Interest grows in potential redevelopment plans for Troy shopping center

Sherwood Shopping Center
Sherwood Shopping Center

A public meeting to discuss results of a city-financed study of the north side’s Sherwood Shopping Center and its possible redevelopment drew a standing room-only crowd Thursday in one of the center’s spaces.

The center’s future has gotten brighter since the first public meeting held in October as part of the $45,000 study by consultants MKSK Studios.

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In recent weeks, a local partnership made public its efforts to purchase the property from its New York-based owners as part of the partnership’s attempt to secure loans of $1.4 million from the city. A loan request that would go through the city Community Improvement Corporation has been recommended to the full council by its finance committee. A vote is expected in early May.

The prospective new owners Sherwood of Troy LLC told the CIC plans include stabilization work including a new roof and potential tenants have discussed a restaurant, a theater and other business ideas. No specific tenants have been identified.

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“We are excited to see what can become of the shopping center,” said Tim Davis of the city staff. “This crowd is probably the largest crowd it has seen in years. We are hoping this is just a drop in the bucket compared to what we will see in the future.”

Joe Nickol of MKSK Studios outlined how the study was conducted, including an online survey, and ideas for short- term and longer- term redevelopment of the center and area properties. The ideas should be considered suggestions or possibilities, he said, emphasizing that the presentation covered the consultants recommendations and not those of the potential buyers. Those buyers, he’s said, are good news for the property that is mostly vacant.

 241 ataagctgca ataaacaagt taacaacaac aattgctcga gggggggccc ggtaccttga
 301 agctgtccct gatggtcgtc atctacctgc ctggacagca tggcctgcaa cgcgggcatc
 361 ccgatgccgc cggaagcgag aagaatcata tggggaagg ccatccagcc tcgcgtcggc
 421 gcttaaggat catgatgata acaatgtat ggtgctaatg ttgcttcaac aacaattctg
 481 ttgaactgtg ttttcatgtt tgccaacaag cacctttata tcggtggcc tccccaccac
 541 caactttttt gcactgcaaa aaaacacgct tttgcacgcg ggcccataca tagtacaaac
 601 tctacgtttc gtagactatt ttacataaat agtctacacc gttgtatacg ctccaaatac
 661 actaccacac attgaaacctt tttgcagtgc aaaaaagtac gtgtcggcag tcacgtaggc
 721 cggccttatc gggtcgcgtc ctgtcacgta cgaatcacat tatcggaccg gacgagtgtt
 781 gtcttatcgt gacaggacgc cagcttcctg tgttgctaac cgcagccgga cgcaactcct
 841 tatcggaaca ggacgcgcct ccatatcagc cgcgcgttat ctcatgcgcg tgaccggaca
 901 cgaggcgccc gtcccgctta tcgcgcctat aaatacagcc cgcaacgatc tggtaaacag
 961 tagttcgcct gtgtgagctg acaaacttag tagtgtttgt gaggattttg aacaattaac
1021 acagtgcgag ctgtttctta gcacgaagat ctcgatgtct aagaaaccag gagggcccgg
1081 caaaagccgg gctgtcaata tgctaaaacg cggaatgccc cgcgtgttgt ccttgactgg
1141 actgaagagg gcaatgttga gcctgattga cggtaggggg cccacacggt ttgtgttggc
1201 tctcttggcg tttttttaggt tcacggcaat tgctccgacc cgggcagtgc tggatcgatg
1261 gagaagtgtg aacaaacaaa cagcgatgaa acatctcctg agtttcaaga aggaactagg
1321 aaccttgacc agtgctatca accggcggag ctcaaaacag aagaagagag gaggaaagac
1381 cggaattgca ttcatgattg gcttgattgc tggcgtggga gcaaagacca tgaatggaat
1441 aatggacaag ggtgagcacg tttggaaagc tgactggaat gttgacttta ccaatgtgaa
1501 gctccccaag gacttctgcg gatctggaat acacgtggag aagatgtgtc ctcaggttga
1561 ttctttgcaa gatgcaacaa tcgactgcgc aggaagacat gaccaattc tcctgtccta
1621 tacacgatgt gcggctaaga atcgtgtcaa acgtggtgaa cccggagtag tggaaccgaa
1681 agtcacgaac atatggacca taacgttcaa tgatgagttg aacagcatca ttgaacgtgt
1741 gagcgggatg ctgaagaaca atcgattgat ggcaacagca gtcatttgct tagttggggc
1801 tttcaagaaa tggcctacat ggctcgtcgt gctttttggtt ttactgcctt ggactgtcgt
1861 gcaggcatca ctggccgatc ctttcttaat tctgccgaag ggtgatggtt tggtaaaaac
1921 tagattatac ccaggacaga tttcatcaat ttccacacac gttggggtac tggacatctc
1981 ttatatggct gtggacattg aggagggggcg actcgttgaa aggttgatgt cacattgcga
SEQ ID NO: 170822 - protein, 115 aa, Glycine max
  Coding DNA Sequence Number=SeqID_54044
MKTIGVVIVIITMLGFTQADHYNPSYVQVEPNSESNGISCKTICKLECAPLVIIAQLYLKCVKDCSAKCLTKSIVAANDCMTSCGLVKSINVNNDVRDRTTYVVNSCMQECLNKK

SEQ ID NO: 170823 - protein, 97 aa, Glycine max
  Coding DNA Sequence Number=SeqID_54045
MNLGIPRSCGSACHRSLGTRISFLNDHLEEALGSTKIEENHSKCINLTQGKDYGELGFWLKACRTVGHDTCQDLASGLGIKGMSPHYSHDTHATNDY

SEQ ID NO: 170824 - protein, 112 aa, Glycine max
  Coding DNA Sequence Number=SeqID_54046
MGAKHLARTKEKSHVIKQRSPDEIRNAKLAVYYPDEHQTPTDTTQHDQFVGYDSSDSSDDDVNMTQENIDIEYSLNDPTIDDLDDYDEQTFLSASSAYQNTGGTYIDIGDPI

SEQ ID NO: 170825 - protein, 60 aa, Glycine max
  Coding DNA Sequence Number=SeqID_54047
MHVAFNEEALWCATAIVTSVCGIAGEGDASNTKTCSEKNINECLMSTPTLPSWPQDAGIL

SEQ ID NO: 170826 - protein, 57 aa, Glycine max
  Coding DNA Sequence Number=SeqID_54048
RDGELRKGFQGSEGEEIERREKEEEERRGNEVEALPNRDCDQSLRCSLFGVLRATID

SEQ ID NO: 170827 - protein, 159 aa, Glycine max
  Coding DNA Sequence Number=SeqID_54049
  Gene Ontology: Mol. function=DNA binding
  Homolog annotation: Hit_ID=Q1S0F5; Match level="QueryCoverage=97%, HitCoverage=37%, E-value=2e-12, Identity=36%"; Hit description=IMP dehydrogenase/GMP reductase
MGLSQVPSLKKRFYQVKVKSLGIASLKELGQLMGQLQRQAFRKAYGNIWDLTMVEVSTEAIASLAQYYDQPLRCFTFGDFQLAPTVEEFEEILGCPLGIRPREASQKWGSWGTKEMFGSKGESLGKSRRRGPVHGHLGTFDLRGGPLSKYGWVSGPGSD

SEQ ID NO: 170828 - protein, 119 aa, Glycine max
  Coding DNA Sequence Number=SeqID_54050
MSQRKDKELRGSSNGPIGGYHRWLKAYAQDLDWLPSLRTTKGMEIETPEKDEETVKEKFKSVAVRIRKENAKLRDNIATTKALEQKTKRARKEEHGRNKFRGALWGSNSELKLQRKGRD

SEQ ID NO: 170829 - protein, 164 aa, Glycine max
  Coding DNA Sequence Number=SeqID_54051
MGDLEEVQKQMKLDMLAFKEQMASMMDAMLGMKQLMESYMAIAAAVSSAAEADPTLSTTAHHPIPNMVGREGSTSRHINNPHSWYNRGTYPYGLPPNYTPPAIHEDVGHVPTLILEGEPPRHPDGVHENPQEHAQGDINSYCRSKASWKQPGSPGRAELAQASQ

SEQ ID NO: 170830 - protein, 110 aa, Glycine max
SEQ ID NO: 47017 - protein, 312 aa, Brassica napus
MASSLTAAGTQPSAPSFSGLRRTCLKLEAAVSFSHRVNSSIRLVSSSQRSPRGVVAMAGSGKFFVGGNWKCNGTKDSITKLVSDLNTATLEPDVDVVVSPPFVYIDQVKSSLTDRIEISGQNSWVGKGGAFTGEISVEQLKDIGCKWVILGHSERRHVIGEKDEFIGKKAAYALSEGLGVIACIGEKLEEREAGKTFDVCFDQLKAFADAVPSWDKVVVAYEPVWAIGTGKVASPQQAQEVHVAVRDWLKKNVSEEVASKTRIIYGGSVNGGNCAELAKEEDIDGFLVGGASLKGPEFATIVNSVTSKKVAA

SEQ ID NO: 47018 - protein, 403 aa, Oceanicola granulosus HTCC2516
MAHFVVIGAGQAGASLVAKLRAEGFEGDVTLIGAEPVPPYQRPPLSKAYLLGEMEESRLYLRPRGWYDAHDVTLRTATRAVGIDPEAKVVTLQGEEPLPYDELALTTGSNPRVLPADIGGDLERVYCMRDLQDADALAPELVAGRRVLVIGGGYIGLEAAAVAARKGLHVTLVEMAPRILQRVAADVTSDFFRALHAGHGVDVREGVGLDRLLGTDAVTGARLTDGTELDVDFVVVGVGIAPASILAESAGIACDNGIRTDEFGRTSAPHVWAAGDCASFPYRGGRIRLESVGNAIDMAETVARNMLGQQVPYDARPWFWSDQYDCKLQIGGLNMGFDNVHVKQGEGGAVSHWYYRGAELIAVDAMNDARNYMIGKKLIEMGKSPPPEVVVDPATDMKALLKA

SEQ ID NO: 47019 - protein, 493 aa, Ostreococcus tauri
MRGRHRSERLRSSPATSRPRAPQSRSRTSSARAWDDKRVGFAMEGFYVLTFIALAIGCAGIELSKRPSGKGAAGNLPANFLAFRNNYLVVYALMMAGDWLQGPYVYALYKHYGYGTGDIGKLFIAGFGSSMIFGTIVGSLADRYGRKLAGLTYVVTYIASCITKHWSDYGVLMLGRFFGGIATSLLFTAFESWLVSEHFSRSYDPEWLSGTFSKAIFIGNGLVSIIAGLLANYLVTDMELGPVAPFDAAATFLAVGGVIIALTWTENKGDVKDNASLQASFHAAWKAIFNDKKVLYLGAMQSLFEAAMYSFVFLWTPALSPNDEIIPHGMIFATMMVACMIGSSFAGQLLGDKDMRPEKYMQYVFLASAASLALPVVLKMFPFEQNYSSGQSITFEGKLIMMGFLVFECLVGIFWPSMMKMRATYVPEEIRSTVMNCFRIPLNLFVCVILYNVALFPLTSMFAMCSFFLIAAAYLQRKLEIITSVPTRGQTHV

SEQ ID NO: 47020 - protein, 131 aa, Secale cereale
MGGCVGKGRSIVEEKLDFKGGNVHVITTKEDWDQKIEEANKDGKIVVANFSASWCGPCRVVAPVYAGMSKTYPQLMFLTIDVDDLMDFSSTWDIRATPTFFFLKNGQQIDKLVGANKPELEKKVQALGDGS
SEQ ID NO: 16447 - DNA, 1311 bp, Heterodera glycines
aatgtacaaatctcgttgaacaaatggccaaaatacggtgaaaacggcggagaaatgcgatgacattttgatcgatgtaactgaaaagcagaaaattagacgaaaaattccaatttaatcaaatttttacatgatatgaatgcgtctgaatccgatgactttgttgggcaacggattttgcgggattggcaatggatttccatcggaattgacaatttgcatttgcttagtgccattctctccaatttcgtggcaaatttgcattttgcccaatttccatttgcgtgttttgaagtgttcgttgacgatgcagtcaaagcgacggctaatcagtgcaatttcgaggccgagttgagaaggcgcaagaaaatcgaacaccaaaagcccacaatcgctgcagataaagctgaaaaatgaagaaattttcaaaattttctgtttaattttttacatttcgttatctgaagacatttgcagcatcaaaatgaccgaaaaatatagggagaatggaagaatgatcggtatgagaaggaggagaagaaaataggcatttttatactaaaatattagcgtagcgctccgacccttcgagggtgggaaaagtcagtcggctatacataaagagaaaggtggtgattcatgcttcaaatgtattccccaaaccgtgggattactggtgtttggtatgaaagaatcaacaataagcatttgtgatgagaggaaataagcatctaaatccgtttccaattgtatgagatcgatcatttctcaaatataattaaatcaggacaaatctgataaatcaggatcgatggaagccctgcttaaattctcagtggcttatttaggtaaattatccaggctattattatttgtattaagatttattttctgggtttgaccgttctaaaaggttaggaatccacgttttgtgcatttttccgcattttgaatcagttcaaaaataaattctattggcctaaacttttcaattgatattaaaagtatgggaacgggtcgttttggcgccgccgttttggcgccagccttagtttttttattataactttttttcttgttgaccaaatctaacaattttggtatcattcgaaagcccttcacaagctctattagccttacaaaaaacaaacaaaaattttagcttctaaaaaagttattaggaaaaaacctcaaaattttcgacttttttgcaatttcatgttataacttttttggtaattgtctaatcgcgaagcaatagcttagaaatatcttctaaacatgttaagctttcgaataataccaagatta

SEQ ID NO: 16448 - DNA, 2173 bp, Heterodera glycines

“For the first time in a long time, it looks like the ownership of this center will be back in local hands,” Nickol said. Those partners, he added, grew up in the area and want to see the center succeed.

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The scenarios in the study looked first at what could be done within 24 months and then longer term in five to eight years.

Suggestions included better access to the center property itself with a mid-block entry from North Market Street and addition of new buildings along North Market possibly for restaurants and other businesses. As new life would come to the area, other suggestions include access off Adams Street to the rear of the center and construction nearby of housing, possibly townhomes, and an office building, possibly for medical offices.